For more than 100 years, millions of Americans have looked to Punxsutawney Phil for the latest outlook when it comes to spring. Early Thursday morning for the 131st time, Phil immerged from the ground to check on his shadow. Phil did see his shadow, which, by tradition, marks six more weeks of winter. But how accurate is Phil and should people believe him?
The National Centers for Environmental Information reported that Phil has been right 50 percent of the time over the last 10 years. On the other hand, the National Oceanic Atmospheric Administration said that Phil has been right only 29 percent of the time, while the official groundhog club said Phil has been 100 percent accurate. Forecasting is not an easy feat, especially when dealing with a country as massive as America that has a multitude of climates.
So how did Groundhog Day get its name, and why do so many flock to the nearest groundhog when Feb. 2 rolls around? Legend has it that Germans, back in the 18th century, believed that if Candlemas (Feast of the Purification of the Blessed Virgin Mary and Fest of the Presentation of our Lord Jesus) was sunny and an animal saw its shadow, then more winter weather was on the way. This custom traveled west when Germans migrated to Pennsylvania and took on a tradition all on its on.
In the Northern Hemisphere, Feb. 2, or Groundhog Day, marks the middle point between the winter solstice and vernal equiniox (spring). It's this day that many look to each year to determine just how long until spring arrives.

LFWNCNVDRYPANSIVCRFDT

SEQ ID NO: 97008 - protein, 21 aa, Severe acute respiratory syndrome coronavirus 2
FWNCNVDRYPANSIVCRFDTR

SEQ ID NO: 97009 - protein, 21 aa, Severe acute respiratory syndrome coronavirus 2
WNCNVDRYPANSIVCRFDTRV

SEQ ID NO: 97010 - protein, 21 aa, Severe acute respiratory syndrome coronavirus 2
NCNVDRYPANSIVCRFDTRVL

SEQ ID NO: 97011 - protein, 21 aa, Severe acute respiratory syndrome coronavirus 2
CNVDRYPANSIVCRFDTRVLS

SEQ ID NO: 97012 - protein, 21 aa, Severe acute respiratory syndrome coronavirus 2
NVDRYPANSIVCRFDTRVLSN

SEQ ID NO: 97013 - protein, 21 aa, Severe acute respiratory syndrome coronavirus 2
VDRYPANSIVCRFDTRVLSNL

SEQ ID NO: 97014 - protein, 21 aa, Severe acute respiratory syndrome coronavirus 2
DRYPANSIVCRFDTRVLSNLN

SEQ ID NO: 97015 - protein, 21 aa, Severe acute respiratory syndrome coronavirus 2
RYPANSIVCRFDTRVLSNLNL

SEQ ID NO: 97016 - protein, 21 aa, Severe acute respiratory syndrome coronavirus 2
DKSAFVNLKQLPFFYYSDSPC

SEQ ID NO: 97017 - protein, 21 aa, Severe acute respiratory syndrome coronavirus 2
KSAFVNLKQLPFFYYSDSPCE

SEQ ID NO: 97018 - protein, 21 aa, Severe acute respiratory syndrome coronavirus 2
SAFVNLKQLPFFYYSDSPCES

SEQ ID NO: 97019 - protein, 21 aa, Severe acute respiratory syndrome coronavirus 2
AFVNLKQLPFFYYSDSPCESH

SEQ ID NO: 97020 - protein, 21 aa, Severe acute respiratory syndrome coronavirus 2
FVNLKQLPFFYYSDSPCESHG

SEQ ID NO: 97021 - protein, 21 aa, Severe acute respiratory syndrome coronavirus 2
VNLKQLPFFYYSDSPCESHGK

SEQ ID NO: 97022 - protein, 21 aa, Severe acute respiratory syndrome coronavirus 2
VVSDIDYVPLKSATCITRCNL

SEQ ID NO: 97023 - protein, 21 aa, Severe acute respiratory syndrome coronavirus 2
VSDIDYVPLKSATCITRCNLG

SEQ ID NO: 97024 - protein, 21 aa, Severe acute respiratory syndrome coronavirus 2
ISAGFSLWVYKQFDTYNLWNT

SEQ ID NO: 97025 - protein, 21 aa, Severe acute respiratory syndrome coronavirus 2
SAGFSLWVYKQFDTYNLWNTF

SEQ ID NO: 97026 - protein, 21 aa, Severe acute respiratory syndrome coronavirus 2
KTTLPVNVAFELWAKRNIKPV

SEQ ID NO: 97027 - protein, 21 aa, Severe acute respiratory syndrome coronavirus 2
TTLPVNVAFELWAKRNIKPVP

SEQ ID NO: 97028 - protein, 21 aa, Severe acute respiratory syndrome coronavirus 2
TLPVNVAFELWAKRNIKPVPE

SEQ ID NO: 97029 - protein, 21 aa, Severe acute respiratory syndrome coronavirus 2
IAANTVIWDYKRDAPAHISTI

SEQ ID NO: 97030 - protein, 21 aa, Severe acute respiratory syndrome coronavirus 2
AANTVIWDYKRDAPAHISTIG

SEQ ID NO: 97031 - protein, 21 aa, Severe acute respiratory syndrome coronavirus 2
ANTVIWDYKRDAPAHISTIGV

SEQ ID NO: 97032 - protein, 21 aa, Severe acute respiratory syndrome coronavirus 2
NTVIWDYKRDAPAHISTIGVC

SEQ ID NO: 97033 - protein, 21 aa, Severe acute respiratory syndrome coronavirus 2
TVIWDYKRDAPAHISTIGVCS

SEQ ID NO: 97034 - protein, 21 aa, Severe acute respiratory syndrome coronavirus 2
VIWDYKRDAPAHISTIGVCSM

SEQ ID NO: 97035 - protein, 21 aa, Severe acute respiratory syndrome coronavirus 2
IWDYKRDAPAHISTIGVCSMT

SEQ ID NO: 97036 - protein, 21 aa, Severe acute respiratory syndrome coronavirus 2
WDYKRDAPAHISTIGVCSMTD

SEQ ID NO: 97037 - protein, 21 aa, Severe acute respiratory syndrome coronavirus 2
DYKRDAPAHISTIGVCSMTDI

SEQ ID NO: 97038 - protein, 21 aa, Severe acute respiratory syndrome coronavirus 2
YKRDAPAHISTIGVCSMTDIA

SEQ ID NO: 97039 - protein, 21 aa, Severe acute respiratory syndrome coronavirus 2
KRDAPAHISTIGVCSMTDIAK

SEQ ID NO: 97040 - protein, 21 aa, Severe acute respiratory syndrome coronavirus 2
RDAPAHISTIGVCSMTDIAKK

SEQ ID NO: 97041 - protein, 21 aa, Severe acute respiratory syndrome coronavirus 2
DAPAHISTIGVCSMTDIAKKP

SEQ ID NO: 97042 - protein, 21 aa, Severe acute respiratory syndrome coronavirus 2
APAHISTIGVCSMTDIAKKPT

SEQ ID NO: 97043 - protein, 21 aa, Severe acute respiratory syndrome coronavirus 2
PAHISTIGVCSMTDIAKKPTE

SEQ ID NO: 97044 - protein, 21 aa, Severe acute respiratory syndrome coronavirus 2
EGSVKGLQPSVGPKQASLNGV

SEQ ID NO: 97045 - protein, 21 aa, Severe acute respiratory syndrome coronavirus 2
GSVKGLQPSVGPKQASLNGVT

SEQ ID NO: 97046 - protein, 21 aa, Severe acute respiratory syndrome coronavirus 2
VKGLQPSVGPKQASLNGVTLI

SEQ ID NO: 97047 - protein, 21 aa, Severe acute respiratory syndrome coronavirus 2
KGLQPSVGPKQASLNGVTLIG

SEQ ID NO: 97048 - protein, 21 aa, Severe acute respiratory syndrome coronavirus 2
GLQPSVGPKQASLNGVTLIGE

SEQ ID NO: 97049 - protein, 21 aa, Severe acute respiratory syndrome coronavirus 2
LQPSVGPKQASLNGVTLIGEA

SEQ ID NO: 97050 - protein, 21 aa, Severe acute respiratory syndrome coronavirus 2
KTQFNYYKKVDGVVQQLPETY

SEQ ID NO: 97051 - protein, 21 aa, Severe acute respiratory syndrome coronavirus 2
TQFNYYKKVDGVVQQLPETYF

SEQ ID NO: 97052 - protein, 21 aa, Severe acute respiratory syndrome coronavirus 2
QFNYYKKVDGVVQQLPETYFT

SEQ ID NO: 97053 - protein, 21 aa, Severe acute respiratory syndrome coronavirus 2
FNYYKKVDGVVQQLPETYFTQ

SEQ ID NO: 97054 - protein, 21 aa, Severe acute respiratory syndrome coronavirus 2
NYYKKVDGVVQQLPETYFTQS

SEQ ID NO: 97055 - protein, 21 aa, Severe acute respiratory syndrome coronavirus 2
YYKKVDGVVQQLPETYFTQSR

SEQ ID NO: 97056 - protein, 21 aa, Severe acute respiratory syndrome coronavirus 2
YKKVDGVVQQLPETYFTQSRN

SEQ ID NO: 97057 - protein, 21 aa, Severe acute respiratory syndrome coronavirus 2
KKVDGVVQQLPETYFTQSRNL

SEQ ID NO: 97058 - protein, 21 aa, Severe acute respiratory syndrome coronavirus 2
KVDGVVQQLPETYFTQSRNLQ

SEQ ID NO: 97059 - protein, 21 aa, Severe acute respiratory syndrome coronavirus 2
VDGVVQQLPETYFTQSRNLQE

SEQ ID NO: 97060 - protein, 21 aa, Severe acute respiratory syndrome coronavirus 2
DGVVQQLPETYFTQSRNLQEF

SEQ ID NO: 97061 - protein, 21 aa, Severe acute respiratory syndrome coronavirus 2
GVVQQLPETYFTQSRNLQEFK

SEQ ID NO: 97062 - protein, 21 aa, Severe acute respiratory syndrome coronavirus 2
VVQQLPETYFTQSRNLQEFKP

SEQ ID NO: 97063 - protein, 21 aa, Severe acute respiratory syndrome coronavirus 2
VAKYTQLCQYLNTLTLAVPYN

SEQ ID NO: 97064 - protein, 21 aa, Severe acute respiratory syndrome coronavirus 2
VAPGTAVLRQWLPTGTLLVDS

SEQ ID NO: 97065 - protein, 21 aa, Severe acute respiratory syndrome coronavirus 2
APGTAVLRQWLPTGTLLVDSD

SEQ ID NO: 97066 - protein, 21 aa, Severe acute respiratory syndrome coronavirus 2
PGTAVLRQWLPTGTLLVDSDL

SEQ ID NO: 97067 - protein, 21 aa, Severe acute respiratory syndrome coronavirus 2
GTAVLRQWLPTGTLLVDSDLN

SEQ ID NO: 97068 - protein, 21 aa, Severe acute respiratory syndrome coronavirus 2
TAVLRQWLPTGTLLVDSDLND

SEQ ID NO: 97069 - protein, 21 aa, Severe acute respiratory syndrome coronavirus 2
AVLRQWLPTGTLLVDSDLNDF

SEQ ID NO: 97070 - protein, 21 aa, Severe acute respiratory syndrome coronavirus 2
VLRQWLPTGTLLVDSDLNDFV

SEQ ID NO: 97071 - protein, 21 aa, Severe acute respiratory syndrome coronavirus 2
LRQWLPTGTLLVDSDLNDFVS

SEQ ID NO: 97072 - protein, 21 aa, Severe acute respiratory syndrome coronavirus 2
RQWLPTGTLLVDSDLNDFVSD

So with Phil seeing his shadow, which allegedly marks six more weeks of winter, just how right will he be this year? One could argue that Mid-Missouri has been dealt a mild hand this winter, with a few days of brutally cold Arctic air. Information provided by the National Weather Service in St. Louis shows the following for this winter:
- December - 77th warmest month 31.9 degrees (Average 33.4)
- January - 15th warmest month 35.5 degrees (Average 29.6)
So where does this put the area for February?
Latest model outlooks show the going trend of a mild winter with occasional blasts of Arctic air are going to hold true. For most of the winter, the polar jet has been to the north, keeping the cold air locked in place and the storm tracks out of our area. This pattern will likely hold, as the Arctic continues to experience one of the warmest winters on record with the likelihood of the least amount of sea ice ever to start the year 2017.
The Climate Prediction Center in their latest outlook has Mid-Missouri seeing an equal chance of above/below average temperatures through March. Of course, while residents will experience several days of a spring tease, long term models are showing several blasts of arctic air as the area heads through the rest of February and into early March. Winter is far from over, but at halfway to the official start of spring, daily temperatures will continue to climb.